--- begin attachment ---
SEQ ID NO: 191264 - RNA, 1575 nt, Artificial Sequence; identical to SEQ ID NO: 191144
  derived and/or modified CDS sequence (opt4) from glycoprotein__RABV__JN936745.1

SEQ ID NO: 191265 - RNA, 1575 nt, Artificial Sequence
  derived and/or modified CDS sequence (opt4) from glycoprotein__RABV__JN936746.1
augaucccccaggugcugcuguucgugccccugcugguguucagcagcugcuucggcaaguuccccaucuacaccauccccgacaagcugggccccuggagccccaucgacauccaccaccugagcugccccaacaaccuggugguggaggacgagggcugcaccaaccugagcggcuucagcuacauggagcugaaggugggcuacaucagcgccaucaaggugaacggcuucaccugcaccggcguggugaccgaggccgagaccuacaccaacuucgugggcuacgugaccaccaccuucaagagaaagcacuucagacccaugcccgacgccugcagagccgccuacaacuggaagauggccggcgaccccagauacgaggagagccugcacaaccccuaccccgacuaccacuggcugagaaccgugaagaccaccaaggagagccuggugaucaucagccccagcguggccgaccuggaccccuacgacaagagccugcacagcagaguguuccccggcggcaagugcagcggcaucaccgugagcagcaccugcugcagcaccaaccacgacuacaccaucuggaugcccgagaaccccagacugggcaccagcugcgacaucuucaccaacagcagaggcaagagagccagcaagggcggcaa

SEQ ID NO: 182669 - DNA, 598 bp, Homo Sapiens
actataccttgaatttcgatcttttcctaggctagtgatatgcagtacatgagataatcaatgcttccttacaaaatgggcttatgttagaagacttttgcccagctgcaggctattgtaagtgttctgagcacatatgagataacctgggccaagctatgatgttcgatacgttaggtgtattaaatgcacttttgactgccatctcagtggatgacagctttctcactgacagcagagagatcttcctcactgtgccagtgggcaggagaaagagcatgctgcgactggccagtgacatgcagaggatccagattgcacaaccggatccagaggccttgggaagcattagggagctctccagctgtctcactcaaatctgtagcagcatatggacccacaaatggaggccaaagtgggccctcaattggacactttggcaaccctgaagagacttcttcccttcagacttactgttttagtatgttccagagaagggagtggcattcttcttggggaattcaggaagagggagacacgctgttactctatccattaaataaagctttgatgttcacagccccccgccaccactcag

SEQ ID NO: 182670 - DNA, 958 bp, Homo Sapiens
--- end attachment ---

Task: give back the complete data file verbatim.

SEQ ID NO: 191264 - RNA, 1575 nt, Artificial Sequence; identical to SEQ ID NO: 191144
  derived and/or modified CDS sequence (opt4) from glycoprotein__RABV__JN936745.1

SEQ ID NO: 191265 - RNA, 1575 nt, Artificial Sequence
  derived and/or modified CDS sequence (opt4) from glycoprotein__RABV__JN936746.1
augaucccccaggugcugcuguucgugccccugcugguguucagcagcugcuucggcaaguuccccaucuacaccauccccgacaagcugggccccuggagccccaucgacauccaccaccugagcugccccaacaaccuggugguggaggacgagggcugcaccaaccugagcggcuucagcuacauggagcugaaggugggcuacaucagcgccaucaaggugaacggcuucaccugcaccggcguggugaccgaggccgagaccuacaccaacuucgugggcuacgugaccaccaccuucaagagaaagcacuucagacccaugcccgacgccugcagagccgccuacaacuggaagauggccggcgaccccagauacgaggagagccugcacaaccccuaccccgacuaccacuggcugagaaccgugaagaccaccaaggagagccuggugaucaucagccccagcguggccgaccuggaccccuacgacaagagccugcacagcagaguguuccccggcggcaagugcagcggcaucaccgugagcagcaccugcugcagcaccaaccacgacuacaccaucuggaugcccgagaaccccagacugggcaccagcugcgacaucuucaccaacagcagaggcaagagagccagcaagggcggcaa

SEQ ID NO: 182669 - DNA, 598 bp, Homo Sapiens
actataccttgaatttcgatcttttcctaggctagtgatatgcagtacatgagataatcaatgcttccttacaaaatgggcttatgttagaagacttttgcccagctgcaggctattgtaagtgttctgagcacatatgagataacctgggccaagctatgatgttcgatacgttaggtgtattaaatgcacttttgactgccatctcagtggatgacagctttctcactgacagcagagagatcttcctcactgtgccagtgggcaggagaaagagcatgctgcgactggccagtgacatgcagaggatccagattgcacaaccggatccagaggccttgggaagcattagggagctctccagctgtctcactcaaatctgtagcagcatatggacccacaaatggaggccaaagtgggccctcaattggacactttggcaaccctgaagagacttcttcccttcagacttactgttttagtatgttccagagaagggagtggcattcttcttggggaattcaggaagagggagacacgctgttactctatccattaaataaagctttgatgttcacagccccccgccaccactcag

SEQ ID NO: 182670 - DNA, 958 bp, Homo Sapiens